Opposing sides of Lisbon debate will debrief Sarkozy
FRENCH PRESIDENT Nicolas Sarkozy will hear the views of several groups that campaigned for or against the Lisbon Treaty this afternoon when he sits down with more than 15 invited guests for a round-table meeting at the French embassy in Dublin.
Last night the number of guests confirmed to attend the event stood at 17. A total of 21 people representing different political and civil society groups were invited to the meeting. Invitations were sent out late last week.
The guests include IFA president Padraig Walshe, Ibec director Turlough O'Sullivan, Ictu general secretary David Begg and former president of the European Parliament Pat Cox.
Members of the Oireachtas attending include Independent TD Finian McGrath, who campaigned against the Lisbon Treaty with the People's Movement, and Green Party Senator Deirdre de Burca. Independent Senator Shane Ross, who has written extensively about his reasons for voting against the treaty, has also been invited.
Sinn Féin MEP Mary Lou McDonald, whose party was the only Dáil party to oppose the treaty, received an invitation, but is on holiday abroad and unable to return for the meeting. Sinn Féin president Gerry Adams will attend in her place.
Those attending from the No camp include Libertas chairman Declan Ganley, former Green Party MEP Patricia McKenna, who played a leading role in the People's Movement campaign against the treaty, Richard Boyd-Barrett of the People Before Profit Alliance, and UCD academic Dr Andy Storey, who will represent development organisation Afri.
Veteran Eurosceptic Anthony Coughlan of National Platform received an invitation, but is unable to attend due to a prior engagement. Maurice Hayes, chairman of the National Forum on Europe, is also unable to attend.
Others on the guest list include former Fine Gael leader Alan Dukes, Prof Brigid Laffan of the Alliance for Europe, Gerard O'Flynn, chairman of the Federation of Irish Fishermen, Peadar Ó Broin, a researcher at the Irish Institute of European Affairs and author of a consolidated version of the Lisbon Treaty, and Eddie D'Arcy, president of the National Youth Council of Ireland.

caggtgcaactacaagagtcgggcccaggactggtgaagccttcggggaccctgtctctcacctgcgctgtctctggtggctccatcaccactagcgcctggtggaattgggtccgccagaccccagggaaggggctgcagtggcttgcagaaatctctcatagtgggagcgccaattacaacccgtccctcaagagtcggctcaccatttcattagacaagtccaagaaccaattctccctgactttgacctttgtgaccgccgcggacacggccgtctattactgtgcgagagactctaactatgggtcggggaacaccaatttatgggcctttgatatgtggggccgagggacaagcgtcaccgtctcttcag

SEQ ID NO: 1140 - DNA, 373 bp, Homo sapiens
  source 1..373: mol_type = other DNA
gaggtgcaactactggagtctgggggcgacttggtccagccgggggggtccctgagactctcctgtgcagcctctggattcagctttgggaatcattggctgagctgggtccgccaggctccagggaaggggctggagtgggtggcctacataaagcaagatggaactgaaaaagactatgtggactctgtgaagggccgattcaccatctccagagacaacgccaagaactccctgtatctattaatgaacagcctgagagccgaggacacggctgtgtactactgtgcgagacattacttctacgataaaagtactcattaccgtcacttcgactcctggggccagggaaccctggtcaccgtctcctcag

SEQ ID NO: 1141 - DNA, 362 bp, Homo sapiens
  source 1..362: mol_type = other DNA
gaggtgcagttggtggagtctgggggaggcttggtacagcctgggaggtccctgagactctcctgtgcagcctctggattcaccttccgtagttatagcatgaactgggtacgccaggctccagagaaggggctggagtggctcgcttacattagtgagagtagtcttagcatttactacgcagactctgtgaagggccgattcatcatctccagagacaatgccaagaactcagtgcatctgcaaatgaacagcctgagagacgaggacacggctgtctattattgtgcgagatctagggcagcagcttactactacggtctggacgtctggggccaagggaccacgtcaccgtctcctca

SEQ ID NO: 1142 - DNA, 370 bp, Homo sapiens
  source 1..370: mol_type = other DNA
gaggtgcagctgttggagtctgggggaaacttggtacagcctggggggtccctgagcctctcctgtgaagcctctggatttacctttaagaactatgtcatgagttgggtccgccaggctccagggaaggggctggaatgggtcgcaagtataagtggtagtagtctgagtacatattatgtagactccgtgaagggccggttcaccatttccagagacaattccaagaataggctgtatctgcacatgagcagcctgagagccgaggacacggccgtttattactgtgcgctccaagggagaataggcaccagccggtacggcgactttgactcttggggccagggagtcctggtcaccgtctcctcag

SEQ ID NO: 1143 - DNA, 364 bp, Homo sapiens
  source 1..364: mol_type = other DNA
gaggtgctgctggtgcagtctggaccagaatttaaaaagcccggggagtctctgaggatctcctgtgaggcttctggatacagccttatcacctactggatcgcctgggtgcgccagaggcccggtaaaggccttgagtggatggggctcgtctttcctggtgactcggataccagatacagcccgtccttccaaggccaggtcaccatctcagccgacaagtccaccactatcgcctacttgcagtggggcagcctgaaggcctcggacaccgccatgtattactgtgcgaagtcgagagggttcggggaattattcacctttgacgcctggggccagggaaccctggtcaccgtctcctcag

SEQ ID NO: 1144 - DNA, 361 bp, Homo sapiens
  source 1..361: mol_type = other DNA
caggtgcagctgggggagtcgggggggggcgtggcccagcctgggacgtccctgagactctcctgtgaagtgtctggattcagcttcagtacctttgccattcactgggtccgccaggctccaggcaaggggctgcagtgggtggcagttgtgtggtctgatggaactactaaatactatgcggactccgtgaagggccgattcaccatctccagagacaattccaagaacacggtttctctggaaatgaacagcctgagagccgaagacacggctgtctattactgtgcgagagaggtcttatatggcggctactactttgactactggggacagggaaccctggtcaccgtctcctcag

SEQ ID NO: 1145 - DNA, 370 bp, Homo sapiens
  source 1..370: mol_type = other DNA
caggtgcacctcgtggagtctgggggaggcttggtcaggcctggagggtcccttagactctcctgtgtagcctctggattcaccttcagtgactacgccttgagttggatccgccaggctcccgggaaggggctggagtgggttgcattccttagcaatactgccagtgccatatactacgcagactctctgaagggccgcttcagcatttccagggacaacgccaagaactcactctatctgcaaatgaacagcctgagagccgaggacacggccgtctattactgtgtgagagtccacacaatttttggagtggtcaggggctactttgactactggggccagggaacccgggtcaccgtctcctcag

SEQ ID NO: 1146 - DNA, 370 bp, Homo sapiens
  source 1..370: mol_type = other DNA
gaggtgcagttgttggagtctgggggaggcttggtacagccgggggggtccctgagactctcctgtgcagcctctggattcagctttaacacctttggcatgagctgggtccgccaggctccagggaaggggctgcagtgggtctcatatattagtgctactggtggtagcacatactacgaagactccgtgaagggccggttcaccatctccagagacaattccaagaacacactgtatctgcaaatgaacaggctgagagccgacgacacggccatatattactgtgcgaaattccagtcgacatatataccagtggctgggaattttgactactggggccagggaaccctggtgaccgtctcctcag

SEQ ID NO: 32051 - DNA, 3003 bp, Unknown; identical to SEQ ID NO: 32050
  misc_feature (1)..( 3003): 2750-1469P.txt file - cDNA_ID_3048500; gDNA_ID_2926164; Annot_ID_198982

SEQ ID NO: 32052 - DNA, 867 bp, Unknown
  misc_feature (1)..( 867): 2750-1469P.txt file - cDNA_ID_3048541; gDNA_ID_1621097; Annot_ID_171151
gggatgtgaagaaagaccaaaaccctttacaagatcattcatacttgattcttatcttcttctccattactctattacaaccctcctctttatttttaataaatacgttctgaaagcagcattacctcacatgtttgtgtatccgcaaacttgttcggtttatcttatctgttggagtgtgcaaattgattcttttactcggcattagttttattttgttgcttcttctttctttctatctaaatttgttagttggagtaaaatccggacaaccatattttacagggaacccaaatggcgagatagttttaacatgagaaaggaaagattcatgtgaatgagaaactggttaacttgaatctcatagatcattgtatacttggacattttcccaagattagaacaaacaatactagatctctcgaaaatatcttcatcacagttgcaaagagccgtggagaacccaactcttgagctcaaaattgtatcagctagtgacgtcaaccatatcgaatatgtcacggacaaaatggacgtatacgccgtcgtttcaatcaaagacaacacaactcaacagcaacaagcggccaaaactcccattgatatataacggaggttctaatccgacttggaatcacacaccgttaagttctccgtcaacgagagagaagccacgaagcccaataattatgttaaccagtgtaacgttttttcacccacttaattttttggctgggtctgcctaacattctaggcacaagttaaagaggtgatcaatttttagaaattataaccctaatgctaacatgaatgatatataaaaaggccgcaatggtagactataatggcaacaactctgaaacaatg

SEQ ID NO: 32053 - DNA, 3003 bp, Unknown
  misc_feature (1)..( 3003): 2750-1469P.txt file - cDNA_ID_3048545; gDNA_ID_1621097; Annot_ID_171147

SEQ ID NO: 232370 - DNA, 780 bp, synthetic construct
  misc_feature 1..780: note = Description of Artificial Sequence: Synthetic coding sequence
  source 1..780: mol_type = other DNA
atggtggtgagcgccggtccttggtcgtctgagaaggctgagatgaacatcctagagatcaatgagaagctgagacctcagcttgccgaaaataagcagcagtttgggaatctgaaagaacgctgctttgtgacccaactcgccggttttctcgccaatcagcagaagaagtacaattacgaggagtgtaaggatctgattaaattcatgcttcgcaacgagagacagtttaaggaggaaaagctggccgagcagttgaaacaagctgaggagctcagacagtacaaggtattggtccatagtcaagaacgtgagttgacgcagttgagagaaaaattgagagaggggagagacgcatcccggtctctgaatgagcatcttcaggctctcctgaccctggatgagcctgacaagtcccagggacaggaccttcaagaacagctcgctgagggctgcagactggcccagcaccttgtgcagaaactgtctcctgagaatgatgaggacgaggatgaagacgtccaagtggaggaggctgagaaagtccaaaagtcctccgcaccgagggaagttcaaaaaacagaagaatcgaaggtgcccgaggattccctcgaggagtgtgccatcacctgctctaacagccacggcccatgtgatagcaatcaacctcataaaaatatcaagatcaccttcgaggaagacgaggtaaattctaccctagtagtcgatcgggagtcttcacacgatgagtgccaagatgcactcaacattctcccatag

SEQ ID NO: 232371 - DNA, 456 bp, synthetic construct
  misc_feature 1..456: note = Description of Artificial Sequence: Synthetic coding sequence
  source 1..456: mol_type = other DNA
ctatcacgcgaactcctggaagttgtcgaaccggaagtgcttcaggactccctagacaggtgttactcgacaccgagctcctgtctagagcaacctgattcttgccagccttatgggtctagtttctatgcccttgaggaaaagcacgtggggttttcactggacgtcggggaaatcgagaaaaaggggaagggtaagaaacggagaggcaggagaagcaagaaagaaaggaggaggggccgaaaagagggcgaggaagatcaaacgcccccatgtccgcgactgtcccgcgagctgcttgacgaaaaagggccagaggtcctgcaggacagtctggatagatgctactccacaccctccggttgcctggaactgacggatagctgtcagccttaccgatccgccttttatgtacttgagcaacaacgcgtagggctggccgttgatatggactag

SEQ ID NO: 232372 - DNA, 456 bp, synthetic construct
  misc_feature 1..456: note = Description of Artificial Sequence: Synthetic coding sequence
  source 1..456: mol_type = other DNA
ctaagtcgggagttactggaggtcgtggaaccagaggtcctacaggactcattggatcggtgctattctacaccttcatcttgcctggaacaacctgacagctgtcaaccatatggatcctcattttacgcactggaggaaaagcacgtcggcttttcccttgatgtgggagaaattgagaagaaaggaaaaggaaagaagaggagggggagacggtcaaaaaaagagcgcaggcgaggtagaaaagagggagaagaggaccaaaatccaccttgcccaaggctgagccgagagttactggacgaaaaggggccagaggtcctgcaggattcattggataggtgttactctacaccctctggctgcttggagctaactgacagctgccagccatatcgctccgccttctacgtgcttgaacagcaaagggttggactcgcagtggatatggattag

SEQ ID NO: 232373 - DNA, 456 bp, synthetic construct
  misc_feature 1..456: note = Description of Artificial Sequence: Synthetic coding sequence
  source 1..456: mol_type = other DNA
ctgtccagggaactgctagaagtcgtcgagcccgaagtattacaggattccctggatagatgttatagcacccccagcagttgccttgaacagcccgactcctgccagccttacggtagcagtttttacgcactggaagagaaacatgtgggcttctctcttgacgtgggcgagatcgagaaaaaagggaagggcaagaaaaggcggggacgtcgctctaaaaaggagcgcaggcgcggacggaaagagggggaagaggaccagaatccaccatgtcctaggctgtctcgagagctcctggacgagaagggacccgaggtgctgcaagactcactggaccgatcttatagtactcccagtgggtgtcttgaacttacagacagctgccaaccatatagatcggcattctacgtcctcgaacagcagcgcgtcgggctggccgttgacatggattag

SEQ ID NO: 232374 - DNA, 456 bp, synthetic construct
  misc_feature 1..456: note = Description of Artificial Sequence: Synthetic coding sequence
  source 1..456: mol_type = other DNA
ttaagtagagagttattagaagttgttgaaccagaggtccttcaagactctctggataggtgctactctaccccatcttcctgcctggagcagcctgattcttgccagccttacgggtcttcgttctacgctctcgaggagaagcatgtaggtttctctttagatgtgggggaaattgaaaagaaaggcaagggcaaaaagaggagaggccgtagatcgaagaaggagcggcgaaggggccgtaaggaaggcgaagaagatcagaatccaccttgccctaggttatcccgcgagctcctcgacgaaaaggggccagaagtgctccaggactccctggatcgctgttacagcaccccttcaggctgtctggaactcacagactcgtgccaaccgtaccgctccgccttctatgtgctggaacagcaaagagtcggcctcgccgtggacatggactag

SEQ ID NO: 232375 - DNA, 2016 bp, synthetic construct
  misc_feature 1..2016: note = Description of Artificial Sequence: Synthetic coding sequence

The meeting, which is expected to begin shortly after 3pm, will be held in the main salon. Sitting around a table with the French president, each guest will present views on Ireland's rejection of the treaty in last month's referendum. The format is expected to be relatively informal, with Mr Sarkozy chairing the meeting himself.
"The main objective is to avoid a re-enactment of the campaign, and instead have people analyse the Irish vote and try to envisage a solution to the present situation," said a source.
An interpretation booth will be set up in the room to provide simultaneous translation. The meeting is expected to last between one hour and 90 minutes.
Also present will be 15-20 observers, including members of the French president's delegation. Minister for European Affairs Dick Roche will attend. No media will be present except for Mr Sarkozy's personal photographer.
Several prominent No campaigners and groups did not receive invitations to the meeting. Roger Cole from the Peace and Neutrality Alliance and Socialist Party leader Joe Higgins, both of whom had actively campaigned for a No vote in the June 12th referendum, last week complained that they had not been invited to meet with the French president at the embassy.
Cóir, a group which claimed Lisbon would lead to changes to Ireland's laws on abortion, euthanasia and prostitution, was not invited to send a representative to the meeting.
Spokesman Richard Greene said he wrote to French ambassador Yvon Roe d'Albert last week arguing that Mr Sarkozy's visit was an "insult" to Irish voters.
"Had we been invited we wouldn't have gone anyway," Mr Greene said last night. "We find this whole visit insulting. The debate has already taken place and the Irish people have spoken. The Irish vote should be respected, but instead Mr Sarkozy says he wants another referendum."
Independent Munster MEP Kathy Sinnott was another No campaigner not invited to the meeting. "I already had my say when I met Mr Sarkozy in Paris last month as part of a European Parliament delegation," she said.
"I told him he shouldn't listen to the Government or anyone else who [ had] said it would be a Yes vote . . . because they failed to see how people were feeling about the treaty. But he has already made up his mind anyway. He wants Lisbon and that's it."
Members of the Yes and No camp invited to the French embassy:
IFA president Padraig Walshe
Ibec director Turlough O'Sullivan
Ictu general secretary David Begg
Former president of the European Parliament Pat Cox
Independent TD Finian McGrath
Green Party Senator Deirdre de Burca
Independent Senator Shane Ross
Sinn Féin president Gerry Adams
Libertas chair Declan Ganley
Former Green Party MEP Patricia McKenna
Richard Boyd-Barrett of the People Before Profit Alliance
Dr Andy Storey from development organisation Afri
Former Fine Gael leader Alan Dukes
Prof Brigid Laffan of the Alliance for Europe
Chair of the Federation of Irish Fishermen Gerard O'Flynn
Peadar Ó Broin of the Irish Institute of European Affairs
President of the National Youth Council Eddie D'Arcy